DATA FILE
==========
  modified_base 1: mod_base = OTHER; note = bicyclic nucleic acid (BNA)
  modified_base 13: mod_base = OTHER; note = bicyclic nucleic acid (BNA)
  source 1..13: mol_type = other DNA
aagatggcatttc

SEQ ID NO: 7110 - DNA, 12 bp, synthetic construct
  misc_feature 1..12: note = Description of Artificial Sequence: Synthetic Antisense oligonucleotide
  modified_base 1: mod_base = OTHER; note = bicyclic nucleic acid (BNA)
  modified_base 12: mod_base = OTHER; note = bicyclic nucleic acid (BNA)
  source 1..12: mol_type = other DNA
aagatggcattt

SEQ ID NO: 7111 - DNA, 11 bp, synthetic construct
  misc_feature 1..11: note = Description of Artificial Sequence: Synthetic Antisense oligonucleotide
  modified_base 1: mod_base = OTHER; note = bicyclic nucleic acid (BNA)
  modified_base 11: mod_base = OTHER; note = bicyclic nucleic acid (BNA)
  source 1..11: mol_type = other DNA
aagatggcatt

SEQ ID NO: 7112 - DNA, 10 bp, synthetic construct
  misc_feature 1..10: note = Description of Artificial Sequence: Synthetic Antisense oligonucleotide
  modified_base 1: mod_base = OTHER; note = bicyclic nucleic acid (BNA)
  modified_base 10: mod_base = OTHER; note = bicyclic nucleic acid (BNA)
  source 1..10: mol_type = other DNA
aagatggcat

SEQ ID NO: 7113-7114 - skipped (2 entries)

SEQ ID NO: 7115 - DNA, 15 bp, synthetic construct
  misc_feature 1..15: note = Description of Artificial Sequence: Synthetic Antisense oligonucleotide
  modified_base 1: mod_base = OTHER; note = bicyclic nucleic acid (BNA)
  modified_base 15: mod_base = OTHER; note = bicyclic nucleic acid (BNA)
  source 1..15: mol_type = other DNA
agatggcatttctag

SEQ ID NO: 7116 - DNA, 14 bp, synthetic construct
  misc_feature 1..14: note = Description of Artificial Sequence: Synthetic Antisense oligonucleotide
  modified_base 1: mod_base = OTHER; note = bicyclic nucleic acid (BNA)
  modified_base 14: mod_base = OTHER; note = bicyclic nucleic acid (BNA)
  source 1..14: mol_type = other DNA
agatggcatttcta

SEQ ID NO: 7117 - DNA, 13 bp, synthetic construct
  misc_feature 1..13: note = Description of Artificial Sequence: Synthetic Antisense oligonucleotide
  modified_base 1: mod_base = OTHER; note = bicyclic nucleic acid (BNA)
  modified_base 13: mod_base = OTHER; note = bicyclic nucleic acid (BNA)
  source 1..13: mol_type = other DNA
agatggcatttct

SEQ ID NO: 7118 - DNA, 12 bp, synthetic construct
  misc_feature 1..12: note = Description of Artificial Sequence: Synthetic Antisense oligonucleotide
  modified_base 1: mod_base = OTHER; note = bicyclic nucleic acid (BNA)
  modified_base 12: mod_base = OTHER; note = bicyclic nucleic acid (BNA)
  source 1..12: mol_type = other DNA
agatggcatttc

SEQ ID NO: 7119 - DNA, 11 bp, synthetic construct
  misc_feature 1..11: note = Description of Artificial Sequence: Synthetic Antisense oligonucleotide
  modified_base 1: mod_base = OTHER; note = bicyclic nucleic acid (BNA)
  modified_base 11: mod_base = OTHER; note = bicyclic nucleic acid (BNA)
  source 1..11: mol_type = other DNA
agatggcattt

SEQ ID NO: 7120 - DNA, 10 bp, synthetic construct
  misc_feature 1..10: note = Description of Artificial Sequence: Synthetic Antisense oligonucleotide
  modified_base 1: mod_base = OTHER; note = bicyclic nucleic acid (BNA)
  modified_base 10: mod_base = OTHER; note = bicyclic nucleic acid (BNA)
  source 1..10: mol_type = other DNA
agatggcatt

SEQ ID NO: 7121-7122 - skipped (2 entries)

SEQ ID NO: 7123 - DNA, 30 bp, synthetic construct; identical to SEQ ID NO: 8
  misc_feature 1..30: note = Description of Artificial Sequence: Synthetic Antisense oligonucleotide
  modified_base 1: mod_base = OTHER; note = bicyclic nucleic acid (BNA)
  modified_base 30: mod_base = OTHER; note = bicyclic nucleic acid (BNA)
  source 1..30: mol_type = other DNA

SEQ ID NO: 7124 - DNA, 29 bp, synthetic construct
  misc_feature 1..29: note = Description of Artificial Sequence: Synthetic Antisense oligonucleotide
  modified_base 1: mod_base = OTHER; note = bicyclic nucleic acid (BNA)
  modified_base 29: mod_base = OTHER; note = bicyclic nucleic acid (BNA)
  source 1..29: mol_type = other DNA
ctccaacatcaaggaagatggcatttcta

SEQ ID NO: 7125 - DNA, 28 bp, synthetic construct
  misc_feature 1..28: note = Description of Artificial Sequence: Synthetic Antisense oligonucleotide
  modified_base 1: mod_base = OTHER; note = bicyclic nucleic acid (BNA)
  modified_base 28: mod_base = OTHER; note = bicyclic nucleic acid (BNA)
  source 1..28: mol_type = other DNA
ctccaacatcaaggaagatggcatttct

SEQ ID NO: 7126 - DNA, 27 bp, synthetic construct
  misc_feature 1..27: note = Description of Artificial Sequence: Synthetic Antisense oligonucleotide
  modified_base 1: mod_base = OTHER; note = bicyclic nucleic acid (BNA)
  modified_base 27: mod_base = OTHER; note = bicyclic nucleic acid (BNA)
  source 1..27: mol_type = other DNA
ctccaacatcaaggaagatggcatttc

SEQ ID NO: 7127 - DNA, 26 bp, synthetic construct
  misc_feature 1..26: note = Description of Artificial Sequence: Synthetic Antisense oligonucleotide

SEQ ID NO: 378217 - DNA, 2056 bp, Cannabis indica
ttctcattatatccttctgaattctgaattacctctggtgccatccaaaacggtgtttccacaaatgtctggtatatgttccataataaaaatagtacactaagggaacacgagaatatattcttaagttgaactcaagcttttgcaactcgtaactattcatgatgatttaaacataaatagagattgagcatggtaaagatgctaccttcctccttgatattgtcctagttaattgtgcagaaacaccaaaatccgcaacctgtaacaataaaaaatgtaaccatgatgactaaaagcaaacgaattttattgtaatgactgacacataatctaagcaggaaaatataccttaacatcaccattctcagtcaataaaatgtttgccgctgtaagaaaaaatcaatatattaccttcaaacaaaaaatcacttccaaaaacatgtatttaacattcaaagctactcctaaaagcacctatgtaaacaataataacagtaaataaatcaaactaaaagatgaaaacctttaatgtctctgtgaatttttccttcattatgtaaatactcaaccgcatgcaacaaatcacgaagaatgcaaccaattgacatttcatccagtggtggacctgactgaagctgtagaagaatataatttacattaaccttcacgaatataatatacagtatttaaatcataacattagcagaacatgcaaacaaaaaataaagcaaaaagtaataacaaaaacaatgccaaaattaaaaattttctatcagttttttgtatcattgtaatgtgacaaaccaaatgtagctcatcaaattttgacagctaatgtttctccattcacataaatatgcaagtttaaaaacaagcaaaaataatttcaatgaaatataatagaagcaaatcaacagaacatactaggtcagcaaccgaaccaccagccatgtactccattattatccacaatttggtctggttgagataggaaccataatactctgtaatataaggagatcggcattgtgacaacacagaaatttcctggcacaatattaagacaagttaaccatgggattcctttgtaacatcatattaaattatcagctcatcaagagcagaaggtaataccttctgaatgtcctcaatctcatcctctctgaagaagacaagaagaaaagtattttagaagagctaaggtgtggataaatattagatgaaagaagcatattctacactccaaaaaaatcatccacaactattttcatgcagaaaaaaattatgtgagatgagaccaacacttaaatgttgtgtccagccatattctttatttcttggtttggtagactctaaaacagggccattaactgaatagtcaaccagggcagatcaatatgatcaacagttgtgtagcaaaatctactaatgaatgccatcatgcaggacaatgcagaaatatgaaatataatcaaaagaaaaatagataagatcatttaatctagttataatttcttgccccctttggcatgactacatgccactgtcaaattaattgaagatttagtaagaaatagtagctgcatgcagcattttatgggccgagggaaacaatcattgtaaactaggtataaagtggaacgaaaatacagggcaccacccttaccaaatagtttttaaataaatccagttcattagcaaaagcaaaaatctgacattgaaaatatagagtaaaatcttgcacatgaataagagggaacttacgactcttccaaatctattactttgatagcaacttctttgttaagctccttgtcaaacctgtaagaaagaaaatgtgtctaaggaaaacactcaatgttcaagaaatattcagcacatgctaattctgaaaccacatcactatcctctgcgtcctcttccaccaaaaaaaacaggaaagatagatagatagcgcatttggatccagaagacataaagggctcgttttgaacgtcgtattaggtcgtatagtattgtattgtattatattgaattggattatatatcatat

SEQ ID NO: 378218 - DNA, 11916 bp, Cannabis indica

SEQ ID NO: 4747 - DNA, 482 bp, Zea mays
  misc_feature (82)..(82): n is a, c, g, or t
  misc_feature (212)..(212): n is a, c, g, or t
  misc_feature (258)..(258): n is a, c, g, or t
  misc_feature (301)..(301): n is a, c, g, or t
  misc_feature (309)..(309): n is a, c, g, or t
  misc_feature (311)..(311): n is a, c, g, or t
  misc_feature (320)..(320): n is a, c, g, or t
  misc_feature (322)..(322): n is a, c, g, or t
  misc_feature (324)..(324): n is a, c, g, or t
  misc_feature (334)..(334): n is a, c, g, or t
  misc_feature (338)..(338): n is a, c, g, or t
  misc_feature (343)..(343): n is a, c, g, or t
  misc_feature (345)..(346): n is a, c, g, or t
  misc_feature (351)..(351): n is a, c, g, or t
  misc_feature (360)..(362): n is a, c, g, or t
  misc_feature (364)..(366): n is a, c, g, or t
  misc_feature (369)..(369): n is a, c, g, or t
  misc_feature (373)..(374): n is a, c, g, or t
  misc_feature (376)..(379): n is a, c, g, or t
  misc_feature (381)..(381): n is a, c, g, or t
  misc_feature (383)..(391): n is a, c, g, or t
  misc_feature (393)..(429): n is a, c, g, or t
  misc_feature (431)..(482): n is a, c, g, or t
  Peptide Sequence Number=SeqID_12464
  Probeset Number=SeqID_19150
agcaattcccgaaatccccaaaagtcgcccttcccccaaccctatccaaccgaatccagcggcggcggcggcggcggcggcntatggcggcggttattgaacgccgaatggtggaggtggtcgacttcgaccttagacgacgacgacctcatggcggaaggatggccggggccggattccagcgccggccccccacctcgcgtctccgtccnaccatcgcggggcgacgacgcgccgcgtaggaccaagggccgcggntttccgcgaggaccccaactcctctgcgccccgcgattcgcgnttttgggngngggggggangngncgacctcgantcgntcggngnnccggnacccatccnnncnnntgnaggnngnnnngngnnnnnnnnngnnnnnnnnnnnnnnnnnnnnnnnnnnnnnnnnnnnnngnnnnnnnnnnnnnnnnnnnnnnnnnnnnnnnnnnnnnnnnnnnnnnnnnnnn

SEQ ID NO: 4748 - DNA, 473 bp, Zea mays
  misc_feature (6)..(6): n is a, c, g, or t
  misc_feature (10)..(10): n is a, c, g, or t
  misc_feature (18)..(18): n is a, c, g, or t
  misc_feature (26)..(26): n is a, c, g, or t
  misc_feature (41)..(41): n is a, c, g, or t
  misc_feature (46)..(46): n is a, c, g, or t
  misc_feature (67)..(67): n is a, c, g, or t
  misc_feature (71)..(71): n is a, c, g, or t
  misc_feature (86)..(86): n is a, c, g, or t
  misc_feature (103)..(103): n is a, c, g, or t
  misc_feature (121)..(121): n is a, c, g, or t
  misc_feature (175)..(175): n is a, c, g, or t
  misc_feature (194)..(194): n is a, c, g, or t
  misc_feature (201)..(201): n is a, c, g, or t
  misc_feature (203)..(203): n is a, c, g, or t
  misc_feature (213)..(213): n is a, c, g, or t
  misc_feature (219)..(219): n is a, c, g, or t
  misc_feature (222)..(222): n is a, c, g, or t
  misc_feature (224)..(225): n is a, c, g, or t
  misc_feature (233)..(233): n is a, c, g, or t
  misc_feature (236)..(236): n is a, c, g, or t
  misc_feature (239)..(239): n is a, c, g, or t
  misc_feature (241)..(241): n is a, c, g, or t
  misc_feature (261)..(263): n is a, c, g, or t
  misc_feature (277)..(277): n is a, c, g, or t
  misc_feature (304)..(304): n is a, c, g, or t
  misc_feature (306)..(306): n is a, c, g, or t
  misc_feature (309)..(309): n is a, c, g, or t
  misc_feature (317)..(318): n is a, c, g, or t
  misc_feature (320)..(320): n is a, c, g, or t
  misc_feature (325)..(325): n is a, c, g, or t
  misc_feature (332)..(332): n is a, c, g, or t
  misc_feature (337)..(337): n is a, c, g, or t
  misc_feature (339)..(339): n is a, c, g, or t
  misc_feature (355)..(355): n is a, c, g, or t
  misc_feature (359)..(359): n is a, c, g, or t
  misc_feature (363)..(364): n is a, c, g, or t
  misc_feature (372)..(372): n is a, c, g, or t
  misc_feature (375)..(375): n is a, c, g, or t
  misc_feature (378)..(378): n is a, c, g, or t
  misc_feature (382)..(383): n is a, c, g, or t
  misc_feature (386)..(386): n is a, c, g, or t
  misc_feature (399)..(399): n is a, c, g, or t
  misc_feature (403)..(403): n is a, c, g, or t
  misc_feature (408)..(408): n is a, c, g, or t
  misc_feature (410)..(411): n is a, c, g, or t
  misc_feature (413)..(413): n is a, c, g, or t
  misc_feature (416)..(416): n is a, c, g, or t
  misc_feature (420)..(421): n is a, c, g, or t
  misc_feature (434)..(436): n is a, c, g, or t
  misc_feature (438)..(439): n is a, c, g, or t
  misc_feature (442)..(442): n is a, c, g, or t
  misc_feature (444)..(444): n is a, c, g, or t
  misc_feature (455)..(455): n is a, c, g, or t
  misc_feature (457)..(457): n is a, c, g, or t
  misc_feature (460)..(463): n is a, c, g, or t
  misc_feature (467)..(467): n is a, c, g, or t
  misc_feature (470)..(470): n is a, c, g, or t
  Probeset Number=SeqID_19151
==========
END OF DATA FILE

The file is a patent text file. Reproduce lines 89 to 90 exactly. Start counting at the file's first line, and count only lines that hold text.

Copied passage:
SEQ ID NO: 4747 - DNA, 482 bp, Zea mays
  misc_feature (82)..(82): n is a, c, g, or t